I wanted to share a quick hint about a cmdlet, ConvertFrom-StringData, I had the opportunity to put to use recently. ConvertFrom-StringData has been around since version 2.0 I believe but I wasn’t able to confirm that. What it basically does is take a string input and convert any key value pairs (“this = something”) it finds and converts them to a hashtable (i.e. object) that is familiar and consumable by everything PowerShell.
I spend a lot of my time at work integrating, consuming, and otherwise finagling something that doesn’t know about PowerShell and making it work with PowerShell. Until recently I had a lot of code that imported various sundry content with Get-Content then mashed it with various permutations of Select-String or regexp of some variety just to get an object that I could run with. That is the case no more.
For example a file (called “something.conf”) with the following content:
# This is a comment URL=http://example.com HOST=s.example.com USER=bob smith # More comments FILE=somewhere.txt
Could be imported into a PowerShell hashtable as follows:
ConvertFrom-StringData -StringData (Get-Content -Raw -Path .\something.conf)
Will get you the following:
Name Value ---- ----- HOST s.example.com FILE somewhere.txt USER bob smith URL http://example.com
Which is a nice pretty hashtable. It even was smart enough to exclude the lines with comments (“#”). There are a couple of caveats here. If the file you are ingesting uses a comment character other than “#” (say “;”) then you would still have to do some manipulation before ingesting that string with the cmdlet. However ConvertFrom-StringData has cut out and certainly streamlined some of my mashing code. It is always nice to remove regexp stuff with a simple one-liner cmdlet.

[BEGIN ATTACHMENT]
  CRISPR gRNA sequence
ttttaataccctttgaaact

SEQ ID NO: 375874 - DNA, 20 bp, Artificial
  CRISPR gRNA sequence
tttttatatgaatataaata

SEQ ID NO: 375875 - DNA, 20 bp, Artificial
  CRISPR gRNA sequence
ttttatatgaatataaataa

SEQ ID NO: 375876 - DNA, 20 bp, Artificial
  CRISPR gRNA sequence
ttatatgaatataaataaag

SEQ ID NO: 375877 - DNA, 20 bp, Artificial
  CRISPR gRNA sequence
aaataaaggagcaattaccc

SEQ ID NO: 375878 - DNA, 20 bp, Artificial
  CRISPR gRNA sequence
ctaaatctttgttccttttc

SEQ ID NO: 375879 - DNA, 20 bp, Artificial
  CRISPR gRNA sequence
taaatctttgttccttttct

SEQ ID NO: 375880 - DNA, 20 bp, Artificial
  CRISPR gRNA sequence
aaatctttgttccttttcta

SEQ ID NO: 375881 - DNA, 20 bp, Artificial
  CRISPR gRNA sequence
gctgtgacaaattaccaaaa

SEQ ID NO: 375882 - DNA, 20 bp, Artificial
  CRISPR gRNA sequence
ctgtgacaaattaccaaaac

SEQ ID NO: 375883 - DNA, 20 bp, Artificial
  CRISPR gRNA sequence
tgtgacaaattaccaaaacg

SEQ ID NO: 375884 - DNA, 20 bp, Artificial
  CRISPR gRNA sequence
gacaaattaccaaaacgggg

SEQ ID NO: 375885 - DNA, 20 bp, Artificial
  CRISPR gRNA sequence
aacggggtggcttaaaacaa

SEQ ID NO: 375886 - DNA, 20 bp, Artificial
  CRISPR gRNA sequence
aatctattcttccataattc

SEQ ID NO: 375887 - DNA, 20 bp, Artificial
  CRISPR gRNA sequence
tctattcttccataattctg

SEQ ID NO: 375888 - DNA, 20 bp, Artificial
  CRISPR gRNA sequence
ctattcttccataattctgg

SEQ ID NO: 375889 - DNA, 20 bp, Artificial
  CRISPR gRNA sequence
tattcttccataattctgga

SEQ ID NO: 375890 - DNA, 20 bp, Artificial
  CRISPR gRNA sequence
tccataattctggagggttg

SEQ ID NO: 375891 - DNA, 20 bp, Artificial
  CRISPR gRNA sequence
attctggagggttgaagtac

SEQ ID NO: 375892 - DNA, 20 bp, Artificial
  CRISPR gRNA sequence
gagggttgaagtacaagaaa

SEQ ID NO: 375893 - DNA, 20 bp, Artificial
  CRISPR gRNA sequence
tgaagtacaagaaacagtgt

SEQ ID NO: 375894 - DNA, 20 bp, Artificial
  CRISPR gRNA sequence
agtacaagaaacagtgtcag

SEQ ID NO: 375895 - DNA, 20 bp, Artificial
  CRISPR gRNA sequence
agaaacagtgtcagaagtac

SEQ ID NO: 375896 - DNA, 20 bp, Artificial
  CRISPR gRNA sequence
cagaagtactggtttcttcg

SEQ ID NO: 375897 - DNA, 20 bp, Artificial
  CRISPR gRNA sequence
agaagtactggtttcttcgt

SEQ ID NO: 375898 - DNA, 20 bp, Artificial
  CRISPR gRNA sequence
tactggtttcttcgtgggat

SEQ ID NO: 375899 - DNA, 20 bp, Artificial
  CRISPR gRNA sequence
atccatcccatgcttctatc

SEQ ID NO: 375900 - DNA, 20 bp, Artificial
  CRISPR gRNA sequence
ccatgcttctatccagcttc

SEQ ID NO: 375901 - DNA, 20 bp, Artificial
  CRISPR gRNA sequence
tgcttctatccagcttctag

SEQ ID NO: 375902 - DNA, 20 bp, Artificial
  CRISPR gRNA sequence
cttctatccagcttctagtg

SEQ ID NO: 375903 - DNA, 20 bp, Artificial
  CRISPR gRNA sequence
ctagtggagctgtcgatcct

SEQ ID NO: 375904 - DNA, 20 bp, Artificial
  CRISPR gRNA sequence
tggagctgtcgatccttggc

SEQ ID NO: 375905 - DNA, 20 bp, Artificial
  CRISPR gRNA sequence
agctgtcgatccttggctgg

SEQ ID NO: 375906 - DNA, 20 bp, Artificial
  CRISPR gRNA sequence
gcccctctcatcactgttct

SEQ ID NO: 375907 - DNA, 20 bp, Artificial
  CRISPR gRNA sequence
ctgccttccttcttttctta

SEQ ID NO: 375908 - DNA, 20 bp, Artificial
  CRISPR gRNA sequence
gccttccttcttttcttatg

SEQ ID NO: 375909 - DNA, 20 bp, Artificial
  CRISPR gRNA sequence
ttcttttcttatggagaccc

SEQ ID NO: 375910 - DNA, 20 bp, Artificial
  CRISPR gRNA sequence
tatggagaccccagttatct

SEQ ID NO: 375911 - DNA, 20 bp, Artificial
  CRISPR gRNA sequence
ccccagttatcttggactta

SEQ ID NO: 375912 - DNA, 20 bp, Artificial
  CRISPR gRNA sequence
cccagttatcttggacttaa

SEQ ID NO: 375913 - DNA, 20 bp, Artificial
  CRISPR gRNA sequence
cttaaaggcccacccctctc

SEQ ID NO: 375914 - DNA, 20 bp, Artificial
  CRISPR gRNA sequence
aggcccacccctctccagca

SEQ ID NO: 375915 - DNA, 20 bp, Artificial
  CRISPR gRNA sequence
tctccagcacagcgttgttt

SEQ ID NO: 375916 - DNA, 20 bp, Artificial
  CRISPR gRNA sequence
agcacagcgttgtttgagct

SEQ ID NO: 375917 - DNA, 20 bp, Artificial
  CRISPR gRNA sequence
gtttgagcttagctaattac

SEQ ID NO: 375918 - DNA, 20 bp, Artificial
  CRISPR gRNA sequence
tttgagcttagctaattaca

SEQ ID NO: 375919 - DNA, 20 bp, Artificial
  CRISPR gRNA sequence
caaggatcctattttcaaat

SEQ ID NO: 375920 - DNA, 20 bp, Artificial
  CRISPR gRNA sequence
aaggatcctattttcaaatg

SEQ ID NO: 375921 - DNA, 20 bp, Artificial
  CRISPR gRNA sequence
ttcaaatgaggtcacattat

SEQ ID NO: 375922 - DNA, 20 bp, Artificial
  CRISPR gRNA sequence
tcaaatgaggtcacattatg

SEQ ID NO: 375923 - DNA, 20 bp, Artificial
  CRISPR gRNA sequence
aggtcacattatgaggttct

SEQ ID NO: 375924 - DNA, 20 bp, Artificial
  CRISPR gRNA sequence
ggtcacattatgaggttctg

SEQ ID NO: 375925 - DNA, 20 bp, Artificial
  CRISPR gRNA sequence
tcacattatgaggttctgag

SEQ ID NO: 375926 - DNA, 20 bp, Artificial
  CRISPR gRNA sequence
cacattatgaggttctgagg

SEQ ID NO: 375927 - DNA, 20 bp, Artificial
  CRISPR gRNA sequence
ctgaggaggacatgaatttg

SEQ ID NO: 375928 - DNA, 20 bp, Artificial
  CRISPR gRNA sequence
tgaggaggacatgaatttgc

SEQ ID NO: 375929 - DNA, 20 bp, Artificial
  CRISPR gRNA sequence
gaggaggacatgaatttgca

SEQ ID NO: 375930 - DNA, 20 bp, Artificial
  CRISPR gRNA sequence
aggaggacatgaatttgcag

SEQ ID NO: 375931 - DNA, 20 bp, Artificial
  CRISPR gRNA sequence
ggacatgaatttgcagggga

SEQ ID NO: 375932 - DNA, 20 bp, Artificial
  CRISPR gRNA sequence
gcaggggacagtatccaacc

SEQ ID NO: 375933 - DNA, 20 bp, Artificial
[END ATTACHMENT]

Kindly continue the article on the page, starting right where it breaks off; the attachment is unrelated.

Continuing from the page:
In the command above I made sure to use the -Raw switch (new with version 3.0) on Get-Content which just reads the content in as one big string instead of a line by line array. This is helpful otherwise you get an array of hashtables with a key value pair each instead of an single hashtable with all keys and values. It could still work for you without the -raw parameter. Just keep in mind if you try to index the resulting array of hashtables you could make some false assumptions as the comments will occupy “empty” indexes within the array. So in the example above index 0 and 4 would be empty and would not include the contents of “URL” and “FILE” as you might expect.
It goes to show that you should always be looking at the various cmdlets, new and old, that come with PowerShell. You may find something that you can use to your advantage that will save you some labor. Unfortunately the help for ConvertFrom-StringData does not provide a “Get-Content” example which seems like an obvious one to me. Most of the examples use here strings which seem much more contrived. Why would you put that data into a here string only to convert it to a hash table, why not just build a hash table to begin with? Maybe there is a common pattern out there I just haven’t run across yet.
Either way ConvertFrom-StringData has been a real productivity boost for me now that I understand a couple of its gotchas. I can now parse my office compatriots Linux data better, faster, and stronger then they can, ha!